What is the quality of the commercial property itself?
Depending on the business you want to attract, you’ll have to make sure that you’re buying a commercial property attractive to those particular types of tenants. You’ll also want to make sure that the building’s actual structure is in good shape because you might want to hold off on any significant renovations until you have a tenant and a cashflow.
Don’t do it on your own!
There are a range of property professionals that can help you when buying commercial property, such as:
This is especially crucial because you’ll need a good understanding of the property market and the economy. You can access our top steps to buying an investment property to learn more about the property professionals you should consult with.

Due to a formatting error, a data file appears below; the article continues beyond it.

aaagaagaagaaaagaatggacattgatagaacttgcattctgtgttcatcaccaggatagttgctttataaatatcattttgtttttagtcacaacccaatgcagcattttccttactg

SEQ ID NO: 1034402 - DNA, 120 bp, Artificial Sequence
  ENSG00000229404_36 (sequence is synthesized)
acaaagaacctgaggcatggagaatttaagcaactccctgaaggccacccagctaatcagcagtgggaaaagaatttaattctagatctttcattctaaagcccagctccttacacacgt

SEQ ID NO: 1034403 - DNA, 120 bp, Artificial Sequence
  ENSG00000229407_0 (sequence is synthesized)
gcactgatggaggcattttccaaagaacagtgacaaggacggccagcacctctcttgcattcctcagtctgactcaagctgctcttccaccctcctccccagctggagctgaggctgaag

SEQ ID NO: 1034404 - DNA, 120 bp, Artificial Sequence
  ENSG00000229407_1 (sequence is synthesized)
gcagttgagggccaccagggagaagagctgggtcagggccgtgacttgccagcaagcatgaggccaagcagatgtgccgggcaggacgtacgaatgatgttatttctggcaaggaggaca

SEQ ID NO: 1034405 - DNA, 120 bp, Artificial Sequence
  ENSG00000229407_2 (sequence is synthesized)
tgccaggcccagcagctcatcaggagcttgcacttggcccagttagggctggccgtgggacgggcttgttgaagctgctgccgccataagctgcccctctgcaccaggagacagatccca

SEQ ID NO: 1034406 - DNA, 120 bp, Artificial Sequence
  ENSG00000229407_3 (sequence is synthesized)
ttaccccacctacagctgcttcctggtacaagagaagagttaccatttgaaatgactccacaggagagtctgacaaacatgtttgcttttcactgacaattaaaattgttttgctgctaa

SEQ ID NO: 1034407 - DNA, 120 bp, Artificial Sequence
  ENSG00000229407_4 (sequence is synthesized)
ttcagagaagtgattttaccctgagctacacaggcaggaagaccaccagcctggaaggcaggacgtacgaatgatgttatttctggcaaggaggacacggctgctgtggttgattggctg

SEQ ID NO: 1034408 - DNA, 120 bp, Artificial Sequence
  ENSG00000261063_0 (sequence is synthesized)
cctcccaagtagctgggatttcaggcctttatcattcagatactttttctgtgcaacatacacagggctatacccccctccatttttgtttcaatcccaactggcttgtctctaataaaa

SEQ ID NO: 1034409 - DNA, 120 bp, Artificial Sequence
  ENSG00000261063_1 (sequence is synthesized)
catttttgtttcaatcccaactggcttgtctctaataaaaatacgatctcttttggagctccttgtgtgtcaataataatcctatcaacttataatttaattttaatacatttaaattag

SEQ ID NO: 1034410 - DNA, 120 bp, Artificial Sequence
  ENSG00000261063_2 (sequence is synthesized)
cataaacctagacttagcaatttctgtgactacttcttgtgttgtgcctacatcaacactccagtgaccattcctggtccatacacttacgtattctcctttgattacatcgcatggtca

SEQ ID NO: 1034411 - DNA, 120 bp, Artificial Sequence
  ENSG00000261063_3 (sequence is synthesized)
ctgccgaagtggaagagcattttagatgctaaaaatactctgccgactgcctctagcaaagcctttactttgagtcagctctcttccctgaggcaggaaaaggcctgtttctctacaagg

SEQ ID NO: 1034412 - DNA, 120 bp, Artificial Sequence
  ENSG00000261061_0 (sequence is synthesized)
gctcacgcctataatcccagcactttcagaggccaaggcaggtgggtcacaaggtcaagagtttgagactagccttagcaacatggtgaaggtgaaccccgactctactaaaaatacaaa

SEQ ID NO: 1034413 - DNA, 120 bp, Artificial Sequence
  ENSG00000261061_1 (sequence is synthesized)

The most crucial advice we can give you if you are considering buying commercial property is: do as much research as possible on all aspects of the economy, the market and how it relates back to your potential commercial real estate purchase.
Beyond that, remember to weigh up the pros and cons, speak to an expert and remember those all-important tax deductions – especially depreciation!
Given we’re tax depreciation experts, did you know that 70% of property investors in Australia don’t buy a tax depreciation schedule?
Depreciation schedules are among the most effective but underused tools available for property investors to maximise their returns.
As a team of property investors ourselves, we, at Duo Tax, understand that every dollar counts. We’ve got the expertise to help you maximise the return on your investment.